[35]         In so far as causation is concerned, I find that the defendant, at the speed he was travelling, could have brought his vehicle to a stop without coming into contact with the plaintiff had he been keeping a proper lookout as to what was taking place in front of him.


[36]         I also conclude the plaintiff was contributorily negligent. I find he left a place of safety, being the walkway, and stepped over the concrete barrier. By doing so, he immediately placed himself right in front of the defendant’s vehicle which was in the process of being parked. Mr. Russell was unable to provide any explanation for his actions. His counsel suggested there may have been an open door to one of the businesses which impeded the plaintiff’s passage or a concern that at the end of the walkway near Windsor Plywood there was a ‘blind corner” as a reason for the plaintiff’s actions. He then indicated it would be shear speculation to conclude this was the reason for the plaintiff acting as he did. I agree.

Plaintiff’s Parking Lot Accident Claim Dismissed

In Sheikh v. Struys, the Plaintiff was injured in a motor vehicle accident in a parking lot, and brought an ICBC claim for damages for pain and suffering. As is often the case in parking lot accidents, liability was in dispute. The Defendant had driven into a gap in the line of cars at almost the same time the Plaintiff reversed right into the Defendant. The Court dismissed the Plaintiff’s ICBC claim.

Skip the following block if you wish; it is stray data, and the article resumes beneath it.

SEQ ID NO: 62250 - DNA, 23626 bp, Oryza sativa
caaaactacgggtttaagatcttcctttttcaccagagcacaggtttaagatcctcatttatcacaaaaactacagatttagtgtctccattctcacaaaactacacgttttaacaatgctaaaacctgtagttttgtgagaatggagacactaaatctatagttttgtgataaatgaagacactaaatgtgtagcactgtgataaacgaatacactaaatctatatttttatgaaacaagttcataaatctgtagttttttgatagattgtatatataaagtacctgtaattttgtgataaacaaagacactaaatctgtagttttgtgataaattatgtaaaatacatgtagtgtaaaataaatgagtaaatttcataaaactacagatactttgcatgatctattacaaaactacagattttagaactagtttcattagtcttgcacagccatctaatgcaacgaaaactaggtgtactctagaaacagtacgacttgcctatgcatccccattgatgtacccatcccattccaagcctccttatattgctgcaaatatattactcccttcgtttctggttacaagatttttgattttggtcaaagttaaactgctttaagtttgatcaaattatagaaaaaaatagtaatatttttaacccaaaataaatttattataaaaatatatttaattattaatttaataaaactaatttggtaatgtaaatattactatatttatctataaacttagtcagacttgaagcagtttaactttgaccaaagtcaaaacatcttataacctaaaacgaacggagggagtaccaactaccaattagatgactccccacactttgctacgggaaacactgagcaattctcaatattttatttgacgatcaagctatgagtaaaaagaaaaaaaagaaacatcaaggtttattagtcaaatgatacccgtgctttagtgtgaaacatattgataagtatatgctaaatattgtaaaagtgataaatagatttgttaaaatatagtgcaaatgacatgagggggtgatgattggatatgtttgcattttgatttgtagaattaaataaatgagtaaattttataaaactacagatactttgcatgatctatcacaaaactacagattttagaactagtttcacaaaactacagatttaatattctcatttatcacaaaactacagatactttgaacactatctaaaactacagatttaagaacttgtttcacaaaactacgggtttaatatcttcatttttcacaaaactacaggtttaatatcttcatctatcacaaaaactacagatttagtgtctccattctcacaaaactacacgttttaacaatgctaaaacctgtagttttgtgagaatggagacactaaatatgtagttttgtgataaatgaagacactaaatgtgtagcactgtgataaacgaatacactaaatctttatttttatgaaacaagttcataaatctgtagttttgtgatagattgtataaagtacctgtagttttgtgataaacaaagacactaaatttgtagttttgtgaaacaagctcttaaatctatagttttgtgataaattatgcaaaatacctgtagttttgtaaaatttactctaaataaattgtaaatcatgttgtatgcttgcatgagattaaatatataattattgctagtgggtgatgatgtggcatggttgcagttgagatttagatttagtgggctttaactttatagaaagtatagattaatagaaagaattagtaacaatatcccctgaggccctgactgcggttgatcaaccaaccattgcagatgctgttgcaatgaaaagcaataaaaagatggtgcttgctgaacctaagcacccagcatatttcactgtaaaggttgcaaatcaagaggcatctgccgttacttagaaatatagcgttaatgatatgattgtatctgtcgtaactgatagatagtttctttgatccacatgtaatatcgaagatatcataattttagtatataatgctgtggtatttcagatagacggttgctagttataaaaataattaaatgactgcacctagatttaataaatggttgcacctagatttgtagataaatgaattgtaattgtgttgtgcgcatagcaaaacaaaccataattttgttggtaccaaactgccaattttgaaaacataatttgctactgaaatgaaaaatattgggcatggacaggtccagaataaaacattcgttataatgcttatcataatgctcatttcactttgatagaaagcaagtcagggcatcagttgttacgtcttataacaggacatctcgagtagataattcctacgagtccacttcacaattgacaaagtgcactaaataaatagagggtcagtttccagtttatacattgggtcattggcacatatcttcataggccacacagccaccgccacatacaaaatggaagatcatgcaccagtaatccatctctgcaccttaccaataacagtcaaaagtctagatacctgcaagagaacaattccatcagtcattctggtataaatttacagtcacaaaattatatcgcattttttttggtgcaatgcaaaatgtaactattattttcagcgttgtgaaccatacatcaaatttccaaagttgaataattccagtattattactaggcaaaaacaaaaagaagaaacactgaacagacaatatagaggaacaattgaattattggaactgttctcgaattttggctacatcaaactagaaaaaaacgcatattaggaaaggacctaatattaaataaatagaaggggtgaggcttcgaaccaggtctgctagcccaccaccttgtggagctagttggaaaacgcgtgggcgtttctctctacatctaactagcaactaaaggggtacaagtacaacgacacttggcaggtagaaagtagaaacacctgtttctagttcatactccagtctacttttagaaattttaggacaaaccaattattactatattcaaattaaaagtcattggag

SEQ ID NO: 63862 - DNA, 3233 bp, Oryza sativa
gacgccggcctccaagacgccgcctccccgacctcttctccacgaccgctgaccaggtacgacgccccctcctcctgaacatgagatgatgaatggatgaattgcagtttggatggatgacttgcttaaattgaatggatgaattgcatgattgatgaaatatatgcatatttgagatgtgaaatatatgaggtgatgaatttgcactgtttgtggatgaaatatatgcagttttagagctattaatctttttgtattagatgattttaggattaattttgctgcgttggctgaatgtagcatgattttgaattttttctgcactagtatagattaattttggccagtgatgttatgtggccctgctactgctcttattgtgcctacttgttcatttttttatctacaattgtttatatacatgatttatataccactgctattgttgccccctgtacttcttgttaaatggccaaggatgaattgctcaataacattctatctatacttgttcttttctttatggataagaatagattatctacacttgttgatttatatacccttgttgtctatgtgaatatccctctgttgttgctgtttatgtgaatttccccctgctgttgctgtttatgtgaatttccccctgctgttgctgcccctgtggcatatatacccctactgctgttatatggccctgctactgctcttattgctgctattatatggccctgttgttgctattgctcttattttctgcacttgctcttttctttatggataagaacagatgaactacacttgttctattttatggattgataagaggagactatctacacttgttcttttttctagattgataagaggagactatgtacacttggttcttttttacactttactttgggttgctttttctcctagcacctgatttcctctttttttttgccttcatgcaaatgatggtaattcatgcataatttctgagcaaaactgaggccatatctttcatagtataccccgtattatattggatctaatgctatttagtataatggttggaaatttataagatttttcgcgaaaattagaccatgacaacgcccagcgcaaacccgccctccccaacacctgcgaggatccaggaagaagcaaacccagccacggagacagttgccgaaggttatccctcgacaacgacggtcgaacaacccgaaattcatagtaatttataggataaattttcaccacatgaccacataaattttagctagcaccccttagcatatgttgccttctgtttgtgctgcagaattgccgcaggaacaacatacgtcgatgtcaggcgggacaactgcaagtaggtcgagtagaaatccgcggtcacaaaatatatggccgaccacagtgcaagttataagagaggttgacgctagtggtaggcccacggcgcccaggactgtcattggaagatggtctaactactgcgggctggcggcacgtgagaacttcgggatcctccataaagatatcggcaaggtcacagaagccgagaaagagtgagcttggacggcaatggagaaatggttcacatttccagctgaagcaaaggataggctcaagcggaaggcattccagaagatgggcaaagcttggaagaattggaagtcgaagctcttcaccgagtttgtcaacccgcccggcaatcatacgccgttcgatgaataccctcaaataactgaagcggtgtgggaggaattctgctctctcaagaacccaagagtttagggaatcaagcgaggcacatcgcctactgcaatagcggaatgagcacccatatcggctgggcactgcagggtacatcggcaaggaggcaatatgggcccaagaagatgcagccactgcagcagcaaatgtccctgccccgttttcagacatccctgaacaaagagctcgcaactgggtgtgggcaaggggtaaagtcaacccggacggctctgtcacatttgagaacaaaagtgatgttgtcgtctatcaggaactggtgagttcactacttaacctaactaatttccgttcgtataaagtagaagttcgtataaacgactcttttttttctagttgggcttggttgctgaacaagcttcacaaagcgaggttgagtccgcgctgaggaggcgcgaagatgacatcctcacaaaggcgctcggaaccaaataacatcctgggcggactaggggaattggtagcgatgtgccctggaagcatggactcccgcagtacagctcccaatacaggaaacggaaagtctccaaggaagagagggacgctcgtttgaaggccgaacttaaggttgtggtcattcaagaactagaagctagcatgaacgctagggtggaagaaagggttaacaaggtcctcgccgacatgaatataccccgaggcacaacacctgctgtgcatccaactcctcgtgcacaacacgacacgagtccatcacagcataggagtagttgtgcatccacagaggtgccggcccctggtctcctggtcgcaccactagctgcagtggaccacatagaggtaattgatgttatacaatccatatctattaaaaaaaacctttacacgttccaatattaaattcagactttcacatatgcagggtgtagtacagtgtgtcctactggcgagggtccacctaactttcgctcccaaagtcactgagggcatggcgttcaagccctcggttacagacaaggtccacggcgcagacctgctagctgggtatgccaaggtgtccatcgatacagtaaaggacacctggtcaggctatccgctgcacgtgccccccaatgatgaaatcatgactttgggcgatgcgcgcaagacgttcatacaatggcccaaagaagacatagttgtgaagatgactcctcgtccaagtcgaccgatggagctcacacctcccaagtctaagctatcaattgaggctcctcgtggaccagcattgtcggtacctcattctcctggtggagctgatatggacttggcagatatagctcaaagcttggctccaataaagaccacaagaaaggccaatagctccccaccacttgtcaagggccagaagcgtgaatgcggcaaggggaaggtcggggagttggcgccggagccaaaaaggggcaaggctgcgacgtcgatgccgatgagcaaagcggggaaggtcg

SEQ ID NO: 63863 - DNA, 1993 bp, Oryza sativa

[47]        I find as a fact that Dr. Sheikh’s SUV reversed back into Mr. Struys’ Jeep while Mr. Struys was partially into the laneway and had stopped there. I also find as a fact that Dr. Sheikh could not see Mr. Struys’ Jeep at the time of the collision. Further, I find that Dr. Sheikh could not see what was happening behind his vehicle as he was reversing into the laneway and, therefore, he has no knowledge as to how the collision occurred.


[48]        Dr. Sheikh contended that Mr. Struys should have paid more careful attention as to what was going on in front of him. Mr. Struys was said to have mistakenly assumed, without any eye contact with the driver of the Dodge truck, that the Dodge truck had stopped for him, which resulted in him colliding with Dr. Sheikh’s SUV.


[49]        In my view, it does not matter which party was the one being allowed to enter the laneway by the driver of the Dodge truck. The driver of the Dodge truck may in fact have been stopping for both of their vehicles in that respect. There is no evidence one way or the other as to whether the Dodge truck had stopped for Dr. Sheikh, Mr. Struys or both of them. The point is that the Dodge truck had stopped and both parties assumed, based on their contact with the driver of the Dodge truck, that he or she was stopped for them. As such, it has not been shown that Mr. Struys “mistakenly” assumed that the Dodge truck had stopped for him.